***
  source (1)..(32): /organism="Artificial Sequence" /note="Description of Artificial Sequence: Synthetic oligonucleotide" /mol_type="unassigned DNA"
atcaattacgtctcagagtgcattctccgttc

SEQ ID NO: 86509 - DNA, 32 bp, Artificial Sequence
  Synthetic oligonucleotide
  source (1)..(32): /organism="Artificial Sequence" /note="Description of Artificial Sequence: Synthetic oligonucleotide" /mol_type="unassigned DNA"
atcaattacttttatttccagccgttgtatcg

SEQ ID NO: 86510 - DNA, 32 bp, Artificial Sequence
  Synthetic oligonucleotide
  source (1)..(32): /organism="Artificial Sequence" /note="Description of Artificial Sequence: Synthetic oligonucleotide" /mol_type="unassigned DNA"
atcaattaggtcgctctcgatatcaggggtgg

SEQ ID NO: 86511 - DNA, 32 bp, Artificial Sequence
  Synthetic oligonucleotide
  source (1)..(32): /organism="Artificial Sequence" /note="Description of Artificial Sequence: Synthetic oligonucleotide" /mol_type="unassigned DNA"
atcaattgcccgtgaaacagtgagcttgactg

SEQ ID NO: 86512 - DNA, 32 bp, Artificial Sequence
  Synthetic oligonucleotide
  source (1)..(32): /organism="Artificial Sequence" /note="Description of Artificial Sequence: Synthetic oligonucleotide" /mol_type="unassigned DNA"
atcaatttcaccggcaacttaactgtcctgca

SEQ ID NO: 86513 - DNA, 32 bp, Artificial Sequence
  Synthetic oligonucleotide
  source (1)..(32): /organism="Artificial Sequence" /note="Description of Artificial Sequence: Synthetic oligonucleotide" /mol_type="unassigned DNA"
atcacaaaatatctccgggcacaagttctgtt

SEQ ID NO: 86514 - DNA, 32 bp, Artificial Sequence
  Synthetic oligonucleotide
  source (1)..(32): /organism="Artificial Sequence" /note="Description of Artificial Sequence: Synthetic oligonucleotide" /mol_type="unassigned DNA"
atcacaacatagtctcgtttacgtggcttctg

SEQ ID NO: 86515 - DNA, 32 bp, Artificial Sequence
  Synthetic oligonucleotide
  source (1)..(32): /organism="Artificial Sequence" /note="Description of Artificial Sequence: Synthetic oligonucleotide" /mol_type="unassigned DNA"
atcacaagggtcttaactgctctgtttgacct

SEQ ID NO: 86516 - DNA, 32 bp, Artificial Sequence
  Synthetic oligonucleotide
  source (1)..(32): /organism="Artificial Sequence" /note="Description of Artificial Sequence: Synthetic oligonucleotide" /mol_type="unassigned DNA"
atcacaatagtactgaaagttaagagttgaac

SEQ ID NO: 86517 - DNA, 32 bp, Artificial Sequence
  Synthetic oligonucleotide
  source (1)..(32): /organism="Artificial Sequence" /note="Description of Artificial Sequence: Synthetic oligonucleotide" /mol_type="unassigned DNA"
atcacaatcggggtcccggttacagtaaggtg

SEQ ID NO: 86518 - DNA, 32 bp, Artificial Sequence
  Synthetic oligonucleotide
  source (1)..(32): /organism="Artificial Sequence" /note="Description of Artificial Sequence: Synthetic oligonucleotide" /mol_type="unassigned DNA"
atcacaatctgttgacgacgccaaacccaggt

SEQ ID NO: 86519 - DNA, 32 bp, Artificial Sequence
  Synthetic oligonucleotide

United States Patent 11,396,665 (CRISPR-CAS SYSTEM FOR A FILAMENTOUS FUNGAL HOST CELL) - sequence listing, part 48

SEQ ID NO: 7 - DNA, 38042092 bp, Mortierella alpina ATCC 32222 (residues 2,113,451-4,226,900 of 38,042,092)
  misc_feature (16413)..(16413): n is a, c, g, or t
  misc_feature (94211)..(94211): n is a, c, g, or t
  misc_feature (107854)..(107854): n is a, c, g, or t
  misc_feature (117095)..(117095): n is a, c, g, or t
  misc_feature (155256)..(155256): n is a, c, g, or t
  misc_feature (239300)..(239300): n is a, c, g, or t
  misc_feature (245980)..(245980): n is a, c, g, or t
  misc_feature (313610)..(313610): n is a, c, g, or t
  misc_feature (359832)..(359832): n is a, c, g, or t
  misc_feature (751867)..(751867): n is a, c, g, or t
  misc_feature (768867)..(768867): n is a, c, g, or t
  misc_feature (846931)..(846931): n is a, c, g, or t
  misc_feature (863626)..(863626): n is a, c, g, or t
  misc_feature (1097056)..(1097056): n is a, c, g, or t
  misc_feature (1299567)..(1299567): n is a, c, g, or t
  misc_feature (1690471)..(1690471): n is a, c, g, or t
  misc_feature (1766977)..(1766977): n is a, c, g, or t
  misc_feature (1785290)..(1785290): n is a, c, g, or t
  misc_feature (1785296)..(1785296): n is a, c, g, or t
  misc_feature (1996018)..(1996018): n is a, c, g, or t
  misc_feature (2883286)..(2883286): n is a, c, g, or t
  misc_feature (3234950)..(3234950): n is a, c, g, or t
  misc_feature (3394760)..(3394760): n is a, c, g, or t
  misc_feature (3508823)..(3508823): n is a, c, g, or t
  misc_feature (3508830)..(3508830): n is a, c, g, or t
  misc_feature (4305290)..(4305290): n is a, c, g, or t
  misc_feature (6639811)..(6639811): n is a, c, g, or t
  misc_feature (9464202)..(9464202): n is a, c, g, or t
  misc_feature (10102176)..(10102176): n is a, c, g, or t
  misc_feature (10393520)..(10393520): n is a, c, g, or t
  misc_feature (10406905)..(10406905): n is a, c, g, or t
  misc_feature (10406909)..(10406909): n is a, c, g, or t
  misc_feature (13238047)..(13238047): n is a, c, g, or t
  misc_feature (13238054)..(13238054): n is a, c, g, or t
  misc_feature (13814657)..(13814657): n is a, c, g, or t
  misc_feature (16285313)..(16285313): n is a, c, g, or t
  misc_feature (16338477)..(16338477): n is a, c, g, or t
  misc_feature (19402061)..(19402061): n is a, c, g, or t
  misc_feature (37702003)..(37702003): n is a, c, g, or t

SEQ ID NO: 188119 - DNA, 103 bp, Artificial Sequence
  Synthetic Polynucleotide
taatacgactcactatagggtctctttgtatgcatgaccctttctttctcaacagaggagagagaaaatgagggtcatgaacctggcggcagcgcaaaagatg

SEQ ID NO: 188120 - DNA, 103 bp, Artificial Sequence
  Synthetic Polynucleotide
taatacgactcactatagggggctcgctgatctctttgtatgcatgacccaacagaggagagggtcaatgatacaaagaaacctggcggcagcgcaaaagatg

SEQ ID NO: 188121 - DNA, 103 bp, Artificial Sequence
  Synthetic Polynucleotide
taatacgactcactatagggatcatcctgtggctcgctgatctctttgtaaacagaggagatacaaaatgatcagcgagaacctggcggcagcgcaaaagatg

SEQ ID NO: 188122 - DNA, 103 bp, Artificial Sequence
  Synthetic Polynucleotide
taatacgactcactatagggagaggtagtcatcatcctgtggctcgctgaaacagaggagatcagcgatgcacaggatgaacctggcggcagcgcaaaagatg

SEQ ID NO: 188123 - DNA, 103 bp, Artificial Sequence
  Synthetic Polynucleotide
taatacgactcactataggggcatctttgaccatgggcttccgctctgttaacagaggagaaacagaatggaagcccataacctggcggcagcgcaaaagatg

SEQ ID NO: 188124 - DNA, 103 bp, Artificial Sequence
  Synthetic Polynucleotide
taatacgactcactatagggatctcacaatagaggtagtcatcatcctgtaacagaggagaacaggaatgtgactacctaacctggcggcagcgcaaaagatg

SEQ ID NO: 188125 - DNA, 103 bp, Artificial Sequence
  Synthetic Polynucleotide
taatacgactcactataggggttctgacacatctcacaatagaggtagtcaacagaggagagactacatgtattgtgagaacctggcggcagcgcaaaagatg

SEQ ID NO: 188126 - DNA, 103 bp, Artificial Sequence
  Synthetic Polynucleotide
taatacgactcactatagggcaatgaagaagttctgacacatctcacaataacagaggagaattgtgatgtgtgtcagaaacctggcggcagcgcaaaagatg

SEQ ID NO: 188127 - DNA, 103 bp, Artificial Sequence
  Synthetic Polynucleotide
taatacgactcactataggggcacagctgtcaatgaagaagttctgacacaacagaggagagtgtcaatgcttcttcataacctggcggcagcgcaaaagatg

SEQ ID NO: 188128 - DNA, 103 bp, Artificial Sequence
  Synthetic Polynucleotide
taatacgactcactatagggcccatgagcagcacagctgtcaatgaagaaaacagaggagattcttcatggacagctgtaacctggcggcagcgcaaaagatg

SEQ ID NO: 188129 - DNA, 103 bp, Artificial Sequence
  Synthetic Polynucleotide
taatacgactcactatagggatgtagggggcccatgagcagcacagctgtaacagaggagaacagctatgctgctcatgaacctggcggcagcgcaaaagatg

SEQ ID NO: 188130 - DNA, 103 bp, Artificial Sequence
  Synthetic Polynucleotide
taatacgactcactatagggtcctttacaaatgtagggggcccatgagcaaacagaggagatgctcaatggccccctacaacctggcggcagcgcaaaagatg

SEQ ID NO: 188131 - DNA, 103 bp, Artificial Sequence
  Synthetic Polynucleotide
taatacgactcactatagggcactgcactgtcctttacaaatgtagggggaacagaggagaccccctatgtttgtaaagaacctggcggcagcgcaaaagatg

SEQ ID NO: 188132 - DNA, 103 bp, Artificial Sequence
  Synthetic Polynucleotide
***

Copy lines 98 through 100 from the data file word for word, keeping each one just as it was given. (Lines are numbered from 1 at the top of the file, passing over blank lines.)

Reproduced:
SEQ ID NO: 188123 - DNA, 103 bp, Artificial Sequence
  Synthetic Polynucleotide
taatacgactcactataggggcatctttgaccatgggcttccgctctgttaacagaggagaaacagaatggaagcccataacctggcggcagcgcaaaagatg